With Judith Schalansky’s ‘Atlas of Remote Islands’ fresh in my mind, I was looking at some of the oyster shells that Lorna has used in her work. I imagine it was this happy coincidence that led me to think of them as islands, well, that and my love of all things miniature of course.
I have been tracing the contours of all the uninhabited islands in Judith’s book, there are 19 of them. I am testing out different ways to play with these lines, layering them up to create abstract and yet cartographical-like drawings. I am experimenting with different materials to fill those contours, with layers of clear PVA and paper reliefs.
About the same time, I watched the documentary on the BBC about the rise and fall of British whaling, which featured the abandoned whaling station in South Georgia. I am interested in abandoned structures on inhabited islands. Structures with a clear function or use other than home. Power plants, military bases, whaling stations, weather stations etc.
Some of those lonely islands had rich communities which were evacuated or simply disappeared. Most of the islands featured in the book (50 in total) have fascinating and troublesome histories, made all the more powerful by the tiny geographies in which they happened.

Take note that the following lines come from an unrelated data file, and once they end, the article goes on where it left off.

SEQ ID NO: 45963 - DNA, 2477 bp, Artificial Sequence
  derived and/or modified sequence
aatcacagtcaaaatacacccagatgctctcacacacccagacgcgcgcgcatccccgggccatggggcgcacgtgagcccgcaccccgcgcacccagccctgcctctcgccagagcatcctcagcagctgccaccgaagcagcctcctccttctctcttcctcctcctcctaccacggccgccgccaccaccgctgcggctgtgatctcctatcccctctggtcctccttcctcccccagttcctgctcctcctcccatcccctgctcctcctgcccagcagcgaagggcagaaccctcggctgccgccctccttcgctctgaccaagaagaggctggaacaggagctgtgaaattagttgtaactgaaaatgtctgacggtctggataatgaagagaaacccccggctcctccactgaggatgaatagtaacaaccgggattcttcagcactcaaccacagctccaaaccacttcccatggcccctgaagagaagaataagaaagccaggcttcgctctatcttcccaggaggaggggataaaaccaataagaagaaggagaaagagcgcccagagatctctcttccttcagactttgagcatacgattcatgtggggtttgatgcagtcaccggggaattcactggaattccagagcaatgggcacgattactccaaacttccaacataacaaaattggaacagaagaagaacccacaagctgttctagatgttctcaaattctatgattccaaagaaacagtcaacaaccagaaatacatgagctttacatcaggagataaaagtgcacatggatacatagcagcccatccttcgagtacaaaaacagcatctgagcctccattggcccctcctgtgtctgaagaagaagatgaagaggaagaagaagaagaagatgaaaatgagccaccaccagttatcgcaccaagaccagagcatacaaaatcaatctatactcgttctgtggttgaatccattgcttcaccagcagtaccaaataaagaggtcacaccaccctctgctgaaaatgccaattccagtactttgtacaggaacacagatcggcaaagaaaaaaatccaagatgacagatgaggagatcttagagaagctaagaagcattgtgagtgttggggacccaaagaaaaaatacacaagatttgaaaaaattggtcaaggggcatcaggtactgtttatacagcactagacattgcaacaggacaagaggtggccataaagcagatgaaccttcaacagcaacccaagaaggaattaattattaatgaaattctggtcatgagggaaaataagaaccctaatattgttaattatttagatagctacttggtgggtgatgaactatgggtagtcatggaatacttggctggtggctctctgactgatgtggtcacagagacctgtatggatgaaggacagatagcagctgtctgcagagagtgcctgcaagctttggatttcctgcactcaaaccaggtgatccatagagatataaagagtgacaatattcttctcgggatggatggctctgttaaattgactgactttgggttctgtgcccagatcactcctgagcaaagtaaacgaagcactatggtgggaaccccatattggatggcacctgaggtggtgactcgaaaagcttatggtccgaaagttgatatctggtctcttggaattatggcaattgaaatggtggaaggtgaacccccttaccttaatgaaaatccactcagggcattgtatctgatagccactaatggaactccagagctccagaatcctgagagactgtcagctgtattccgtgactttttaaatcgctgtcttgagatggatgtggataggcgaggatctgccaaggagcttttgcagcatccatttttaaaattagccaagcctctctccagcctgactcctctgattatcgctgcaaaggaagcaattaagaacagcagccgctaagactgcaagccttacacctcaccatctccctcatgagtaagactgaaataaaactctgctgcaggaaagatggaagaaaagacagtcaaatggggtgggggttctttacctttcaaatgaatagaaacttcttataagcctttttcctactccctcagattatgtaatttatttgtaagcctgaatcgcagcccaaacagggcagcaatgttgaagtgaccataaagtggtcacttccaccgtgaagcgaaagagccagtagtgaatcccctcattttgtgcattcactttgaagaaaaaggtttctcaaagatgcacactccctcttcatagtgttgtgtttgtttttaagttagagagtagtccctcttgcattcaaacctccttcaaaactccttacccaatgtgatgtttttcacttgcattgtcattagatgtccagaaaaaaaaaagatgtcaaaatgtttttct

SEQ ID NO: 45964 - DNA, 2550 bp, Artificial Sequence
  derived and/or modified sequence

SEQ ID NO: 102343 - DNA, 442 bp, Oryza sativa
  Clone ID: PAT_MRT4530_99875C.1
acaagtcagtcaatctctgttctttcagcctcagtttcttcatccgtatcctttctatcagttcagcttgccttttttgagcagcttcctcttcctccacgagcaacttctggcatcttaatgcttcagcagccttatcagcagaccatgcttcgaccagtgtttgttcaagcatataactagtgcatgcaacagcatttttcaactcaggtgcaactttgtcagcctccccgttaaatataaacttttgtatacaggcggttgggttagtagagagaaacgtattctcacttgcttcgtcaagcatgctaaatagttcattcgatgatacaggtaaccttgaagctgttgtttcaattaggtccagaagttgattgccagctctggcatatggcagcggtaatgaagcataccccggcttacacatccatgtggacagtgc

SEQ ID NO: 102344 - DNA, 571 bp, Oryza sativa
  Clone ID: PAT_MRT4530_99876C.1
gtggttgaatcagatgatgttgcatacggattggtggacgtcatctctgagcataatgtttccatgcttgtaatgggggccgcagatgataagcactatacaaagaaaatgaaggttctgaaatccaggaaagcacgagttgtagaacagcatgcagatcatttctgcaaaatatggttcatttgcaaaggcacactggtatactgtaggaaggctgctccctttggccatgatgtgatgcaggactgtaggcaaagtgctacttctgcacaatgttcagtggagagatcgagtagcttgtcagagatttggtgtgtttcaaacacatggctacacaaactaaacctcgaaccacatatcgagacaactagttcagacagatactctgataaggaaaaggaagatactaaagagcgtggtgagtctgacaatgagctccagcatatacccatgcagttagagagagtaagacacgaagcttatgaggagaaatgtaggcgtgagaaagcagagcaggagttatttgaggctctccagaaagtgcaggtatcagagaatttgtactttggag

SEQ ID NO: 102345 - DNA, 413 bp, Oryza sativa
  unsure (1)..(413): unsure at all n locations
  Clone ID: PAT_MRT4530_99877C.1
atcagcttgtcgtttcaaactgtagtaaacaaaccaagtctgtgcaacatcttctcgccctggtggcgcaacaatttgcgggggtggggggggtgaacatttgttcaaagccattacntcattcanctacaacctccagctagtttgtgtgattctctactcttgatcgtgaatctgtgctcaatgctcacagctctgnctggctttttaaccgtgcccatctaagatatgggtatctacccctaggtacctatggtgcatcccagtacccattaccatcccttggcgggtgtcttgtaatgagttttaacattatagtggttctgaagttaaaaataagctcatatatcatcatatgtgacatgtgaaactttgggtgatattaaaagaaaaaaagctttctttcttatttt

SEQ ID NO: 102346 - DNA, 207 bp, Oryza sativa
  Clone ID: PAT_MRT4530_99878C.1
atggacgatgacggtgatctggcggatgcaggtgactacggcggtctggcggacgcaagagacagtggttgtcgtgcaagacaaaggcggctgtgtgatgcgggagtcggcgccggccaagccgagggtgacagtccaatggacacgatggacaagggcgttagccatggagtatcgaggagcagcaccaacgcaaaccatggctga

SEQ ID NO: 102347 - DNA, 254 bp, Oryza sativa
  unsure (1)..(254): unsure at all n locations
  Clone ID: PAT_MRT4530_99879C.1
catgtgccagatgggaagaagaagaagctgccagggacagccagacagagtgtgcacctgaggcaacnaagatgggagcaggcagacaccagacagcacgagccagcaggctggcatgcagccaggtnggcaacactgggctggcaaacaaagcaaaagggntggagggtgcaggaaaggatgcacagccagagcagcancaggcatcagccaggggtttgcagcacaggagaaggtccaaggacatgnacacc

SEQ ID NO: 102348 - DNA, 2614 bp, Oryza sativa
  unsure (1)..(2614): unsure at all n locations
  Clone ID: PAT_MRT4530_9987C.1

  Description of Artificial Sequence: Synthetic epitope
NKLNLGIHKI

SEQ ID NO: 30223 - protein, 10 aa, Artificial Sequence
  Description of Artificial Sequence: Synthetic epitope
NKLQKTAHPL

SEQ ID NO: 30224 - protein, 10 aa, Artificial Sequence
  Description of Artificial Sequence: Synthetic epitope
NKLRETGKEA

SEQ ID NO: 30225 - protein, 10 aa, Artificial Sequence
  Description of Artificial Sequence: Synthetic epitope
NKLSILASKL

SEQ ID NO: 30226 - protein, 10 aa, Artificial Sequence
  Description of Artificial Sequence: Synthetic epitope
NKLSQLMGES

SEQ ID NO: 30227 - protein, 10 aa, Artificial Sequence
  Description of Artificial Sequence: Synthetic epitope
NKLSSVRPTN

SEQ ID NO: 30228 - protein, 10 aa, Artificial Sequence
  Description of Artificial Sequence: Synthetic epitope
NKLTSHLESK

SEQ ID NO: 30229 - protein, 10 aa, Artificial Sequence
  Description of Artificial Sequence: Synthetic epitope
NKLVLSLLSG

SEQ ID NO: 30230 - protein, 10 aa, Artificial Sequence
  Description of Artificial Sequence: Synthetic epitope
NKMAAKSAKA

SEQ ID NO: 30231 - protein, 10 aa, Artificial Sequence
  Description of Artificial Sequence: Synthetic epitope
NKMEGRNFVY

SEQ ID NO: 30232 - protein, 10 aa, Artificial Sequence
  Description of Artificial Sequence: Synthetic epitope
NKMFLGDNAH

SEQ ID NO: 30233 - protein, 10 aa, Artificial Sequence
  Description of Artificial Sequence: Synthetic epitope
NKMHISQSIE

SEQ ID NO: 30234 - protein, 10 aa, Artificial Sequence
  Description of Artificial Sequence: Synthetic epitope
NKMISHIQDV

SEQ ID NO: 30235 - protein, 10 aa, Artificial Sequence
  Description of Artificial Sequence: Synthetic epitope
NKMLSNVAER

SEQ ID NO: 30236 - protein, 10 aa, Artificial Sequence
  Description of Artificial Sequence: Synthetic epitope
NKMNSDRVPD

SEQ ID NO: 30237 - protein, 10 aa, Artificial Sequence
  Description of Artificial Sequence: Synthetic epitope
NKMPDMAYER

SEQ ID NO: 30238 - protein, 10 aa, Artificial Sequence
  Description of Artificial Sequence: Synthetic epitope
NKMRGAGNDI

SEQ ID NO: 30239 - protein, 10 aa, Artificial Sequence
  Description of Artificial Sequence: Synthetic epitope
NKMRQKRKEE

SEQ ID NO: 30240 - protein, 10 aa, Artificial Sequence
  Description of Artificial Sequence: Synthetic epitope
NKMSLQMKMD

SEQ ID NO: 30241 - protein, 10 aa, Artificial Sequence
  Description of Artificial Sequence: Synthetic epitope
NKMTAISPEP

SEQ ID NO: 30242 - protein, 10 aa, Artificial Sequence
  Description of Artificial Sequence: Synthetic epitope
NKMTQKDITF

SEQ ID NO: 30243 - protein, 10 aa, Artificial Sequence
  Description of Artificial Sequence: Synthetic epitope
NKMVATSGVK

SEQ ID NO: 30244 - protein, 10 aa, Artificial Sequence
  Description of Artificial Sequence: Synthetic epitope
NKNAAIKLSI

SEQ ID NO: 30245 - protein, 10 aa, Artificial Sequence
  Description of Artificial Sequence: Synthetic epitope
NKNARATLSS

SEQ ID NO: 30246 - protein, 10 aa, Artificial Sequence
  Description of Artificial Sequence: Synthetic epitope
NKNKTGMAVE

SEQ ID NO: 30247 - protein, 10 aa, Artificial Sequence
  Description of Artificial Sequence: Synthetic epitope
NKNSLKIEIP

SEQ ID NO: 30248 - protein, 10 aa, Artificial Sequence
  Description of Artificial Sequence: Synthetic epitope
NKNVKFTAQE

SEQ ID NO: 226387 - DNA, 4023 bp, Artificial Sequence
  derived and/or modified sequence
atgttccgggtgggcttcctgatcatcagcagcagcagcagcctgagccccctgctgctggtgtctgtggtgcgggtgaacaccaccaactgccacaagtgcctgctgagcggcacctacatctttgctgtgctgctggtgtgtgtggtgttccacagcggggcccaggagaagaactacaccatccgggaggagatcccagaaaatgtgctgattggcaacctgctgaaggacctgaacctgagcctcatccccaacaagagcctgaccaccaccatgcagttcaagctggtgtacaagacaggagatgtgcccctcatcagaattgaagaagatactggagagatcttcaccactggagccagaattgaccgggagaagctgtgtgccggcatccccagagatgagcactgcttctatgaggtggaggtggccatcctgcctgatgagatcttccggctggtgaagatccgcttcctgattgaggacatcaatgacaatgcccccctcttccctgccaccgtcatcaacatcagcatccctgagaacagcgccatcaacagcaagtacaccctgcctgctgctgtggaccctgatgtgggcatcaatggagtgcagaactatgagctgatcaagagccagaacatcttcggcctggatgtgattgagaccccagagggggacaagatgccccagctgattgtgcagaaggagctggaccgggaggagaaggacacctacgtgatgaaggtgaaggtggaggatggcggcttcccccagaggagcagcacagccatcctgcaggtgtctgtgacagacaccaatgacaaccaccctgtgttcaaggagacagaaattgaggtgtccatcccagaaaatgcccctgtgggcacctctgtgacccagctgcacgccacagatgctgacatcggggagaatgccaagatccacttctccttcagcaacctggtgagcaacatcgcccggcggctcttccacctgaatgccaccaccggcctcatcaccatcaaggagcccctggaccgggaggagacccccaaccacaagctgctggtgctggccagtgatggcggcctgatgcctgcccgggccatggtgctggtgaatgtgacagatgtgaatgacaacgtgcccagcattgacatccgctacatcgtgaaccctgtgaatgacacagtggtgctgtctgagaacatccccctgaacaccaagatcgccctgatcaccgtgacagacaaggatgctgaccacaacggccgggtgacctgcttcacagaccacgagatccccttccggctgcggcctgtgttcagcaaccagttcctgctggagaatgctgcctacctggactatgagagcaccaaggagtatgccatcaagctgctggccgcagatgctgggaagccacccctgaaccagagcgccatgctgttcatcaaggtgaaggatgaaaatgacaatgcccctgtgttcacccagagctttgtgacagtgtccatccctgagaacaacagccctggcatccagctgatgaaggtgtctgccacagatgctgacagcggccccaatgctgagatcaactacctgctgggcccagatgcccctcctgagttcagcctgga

I can only think of them in relationship to the sea that surrounds them, the distance that separates me from them, both in history but in the ‘here and now’.
And looking back at the oyster shells, with their craters and strata of crumbling material I daydream of their. They are fragile in my hands. Islands disappear. Some are too small to appear in ordinary atlases. I try to inhabit my oyster-islands, by giving them a protagonist or by turning them into floating islands, filled with the remnants of human activity that is no longer active, no longer accepted, or perhaps simply trying to remain unseen in the vast ocean.
These are some sketches I have been doing in plan for larger drawings: